What Do Technical Communicators Need to Know?
Abstract:What is the essential knowledge that all technical communicators must possess? It surely isn’t knowledge of FrameMaker, RoboHELP, or Word, despite the fact that job advertisements, at least in the U.S., seldom list any other specific knowledge as a prerequisite for candidates.
As I’ve said before in this column, I believe that what sets technical communicators apart from word processing operators and desktop publishers is not our ability to use software but rather our ability to communicate technical information effectively. That ability depends on our knowledge of communication concepts and techniques, and on our knowledge of one or more technical domains. It is this knowledge of communication and of technical subjects that constitutes the body of knowledge that differentiates our profession from others.
The term body of knowledge has a very specialized meaning in many professions. It is used to define essential information of which practitioners must demonstrate mastery to be certified as professionals in that field.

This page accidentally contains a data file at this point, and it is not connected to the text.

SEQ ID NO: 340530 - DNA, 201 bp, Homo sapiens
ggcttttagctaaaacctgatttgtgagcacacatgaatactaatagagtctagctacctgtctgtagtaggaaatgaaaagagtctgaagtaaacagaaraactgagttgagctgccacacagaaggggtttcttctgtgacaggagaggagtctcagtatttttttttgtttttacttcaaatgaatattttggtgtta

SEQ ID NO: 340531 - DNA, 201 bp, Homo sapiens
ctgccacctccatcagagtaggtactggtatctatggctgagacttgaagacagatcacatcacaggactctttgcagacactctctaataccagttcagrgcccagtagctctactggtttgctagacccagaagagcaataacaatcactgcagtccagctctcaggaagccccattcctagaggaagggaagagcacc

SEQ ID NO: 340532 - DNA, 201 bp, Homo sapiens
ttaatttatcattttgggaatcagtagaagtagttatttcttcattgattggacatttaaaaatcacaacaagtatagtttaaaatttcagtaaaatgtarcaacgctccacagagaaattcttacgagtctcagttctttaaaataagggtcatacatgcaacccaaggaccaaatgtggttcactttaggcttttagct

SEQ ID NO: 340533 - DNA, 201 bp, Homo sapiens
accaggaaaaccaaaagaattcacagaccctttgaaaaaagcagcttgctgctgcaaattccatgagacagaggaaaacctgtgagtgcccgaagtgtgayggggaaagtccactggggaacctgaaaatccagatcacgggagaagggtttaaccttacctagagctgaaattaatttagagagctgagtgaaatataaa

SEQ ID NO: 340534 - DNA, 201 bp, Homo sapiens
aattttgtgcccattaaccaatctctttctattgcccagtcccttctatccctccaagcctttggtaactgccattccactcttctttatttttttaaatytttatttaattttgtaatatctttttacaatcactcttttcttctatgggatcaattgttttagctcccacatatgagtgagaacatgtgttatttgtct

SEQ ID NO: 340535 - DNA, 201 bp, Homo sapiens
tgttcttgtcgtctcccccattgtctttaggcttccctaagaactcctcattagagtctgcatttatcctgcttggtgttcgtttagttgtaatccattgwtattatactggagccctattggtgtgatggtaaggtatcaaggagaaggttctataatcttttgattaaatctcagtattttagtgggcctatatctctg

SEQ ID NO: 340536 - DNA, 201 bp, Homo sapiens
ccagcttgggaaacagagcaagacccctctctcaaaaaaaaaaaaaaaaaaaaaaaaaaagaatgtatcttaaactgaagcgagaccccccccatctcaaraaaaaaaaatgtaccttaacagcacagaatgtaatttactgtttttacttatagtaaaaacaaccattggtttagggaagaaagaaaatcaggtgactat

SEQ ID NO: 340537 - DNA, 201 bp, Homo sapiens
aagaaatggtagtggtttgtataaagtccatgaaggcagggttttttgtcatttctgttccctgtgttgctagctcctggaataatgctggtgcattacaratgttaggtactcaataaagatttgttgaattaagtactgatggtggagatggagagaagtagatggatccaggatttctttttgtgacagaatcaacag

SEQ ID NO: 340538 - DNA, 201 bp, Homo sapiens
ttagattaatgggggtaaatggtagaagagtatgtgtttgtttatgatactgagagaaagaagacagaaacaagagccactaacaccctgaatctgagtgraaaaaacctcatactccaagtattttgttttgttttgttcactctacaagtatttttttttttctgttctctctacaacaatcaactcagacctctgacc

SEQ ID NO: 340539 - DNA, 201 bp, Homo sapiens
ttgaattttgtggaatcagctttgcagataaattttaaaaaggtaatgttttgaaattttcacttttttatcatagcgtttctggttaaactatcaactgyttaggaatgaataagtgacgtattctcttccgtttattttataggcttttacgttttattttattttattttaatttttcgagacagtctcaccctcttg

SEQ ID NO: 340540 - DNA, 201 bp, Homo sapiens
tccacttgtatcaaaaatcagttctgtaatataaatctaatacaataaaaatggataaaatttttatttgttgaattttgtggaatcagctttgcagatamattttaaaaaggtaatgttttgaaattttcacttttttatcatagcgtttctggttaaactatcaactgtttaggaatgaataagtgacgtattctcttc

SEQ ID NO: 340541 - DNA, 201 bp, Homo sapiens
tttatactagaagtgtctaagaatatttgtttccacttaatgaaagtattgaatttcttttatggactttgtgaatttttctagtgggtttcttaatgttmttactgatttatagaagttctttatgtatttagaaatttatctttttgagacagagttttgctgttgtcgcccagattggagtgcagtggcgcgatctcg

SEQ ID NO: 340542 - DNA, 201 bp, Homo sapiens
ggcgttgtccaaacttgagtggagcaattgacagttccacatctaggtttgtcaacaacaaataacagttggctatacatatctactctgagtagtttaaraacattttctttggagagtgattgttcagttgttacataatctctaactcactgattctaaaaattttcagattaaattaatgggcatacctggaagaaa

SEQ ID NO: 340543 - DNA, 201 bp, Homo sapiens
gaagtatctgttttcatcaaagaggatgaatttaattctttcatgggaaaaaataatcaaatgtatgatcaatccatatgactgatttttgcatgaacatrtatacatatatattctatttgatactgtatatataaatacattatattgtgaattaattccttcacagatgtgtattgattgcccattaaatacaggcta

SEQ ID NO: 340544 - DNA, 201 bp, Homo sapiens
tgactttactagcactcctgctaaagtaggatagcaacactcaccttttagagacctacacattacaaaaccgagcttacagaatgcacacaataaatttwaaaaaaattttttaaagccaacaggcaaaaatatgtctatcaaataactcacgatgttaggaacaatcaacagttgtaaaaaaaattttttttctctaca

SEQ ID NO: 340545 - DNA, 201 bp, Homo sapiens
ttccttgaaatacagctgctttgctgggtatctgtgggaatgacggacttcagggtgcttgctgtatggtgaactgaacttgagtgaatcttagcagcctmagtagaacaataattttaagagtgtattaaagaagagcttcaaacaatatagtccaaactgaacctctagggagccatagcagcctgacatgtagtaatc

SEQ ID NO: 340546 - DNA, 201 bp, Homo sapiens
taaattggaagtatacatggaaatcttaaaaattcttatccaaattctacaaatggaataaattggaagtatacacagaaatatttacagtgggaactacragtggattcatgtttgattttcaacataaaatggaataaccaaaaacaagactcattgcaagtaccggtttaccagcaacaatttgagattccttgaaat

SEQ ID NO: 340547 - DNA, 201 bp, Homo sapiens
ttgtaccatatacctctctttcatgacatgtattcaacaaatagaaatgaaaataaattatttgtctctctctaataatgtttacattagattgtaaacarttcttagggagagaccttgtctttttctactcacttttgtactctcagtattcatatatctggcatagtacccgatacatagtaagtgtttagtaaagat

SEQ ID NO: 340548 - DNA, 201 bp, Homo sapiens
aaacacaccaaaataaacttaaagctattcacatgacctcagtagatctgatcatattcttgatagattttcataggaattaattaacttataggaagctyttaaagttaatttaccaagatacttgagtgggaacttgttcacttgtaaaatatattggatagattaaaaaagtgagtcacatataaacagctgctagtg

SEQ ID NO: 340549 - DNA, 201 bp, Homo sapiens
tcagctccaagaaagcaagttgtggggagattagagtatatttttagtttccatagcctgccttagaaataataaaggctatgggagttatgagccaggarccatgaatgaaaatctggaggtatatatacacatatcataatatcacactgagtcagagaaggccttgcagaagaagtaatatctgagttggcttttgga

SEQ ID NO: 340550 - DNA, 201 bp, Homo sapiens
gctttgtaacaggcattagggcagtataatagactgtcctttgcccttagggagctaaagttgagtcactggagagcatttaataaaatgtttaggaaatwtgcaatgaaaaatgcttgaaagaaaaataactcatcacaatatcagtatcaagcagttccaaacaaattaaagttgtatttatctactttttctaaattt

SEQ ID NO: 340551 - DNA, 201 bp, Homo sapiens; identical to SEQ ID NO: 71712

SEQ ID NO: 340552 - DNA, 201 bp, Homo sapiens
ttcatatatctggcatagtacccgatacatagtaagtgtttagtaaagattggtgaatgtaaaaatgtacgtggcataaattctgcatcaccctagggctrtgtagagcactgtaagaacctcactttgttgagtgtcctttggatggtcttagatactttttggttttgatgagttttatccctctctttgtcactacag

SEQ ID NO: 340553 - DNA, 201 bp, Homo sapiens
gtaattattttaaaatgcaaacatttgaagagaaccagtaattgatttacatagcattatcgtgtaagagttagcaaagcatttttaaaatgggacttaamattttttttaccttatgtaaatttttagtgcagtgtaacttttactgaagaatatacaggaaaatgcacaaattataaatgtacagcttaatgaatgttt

Now I don’t intend to get into a debate about certification here. That’s a question that evokes strong reactions pro and con, a question that the Society for Technical Communication and its members have wrestled with several times in the last 25 years. Regardless of where you come down on that issue, however, you ought to support the definition of an essential body of knowledge if you’re serious about being considered a professional by those with whom you work.
Document Type: Research Article
Publication date: May 1, 2000
More about this publication?
- Technical Communication, the Society's journal, publishes articles about the practical application of technical communication theory and serves as a common arena for discussion by practitioners. Technical Communication includes both quantitative and qualitative research while showcasing the work of some of the field's most noteworthy writers. Among its most popular features are the helpful book reviews. Technical Communication is published quarterly and is free with membership.
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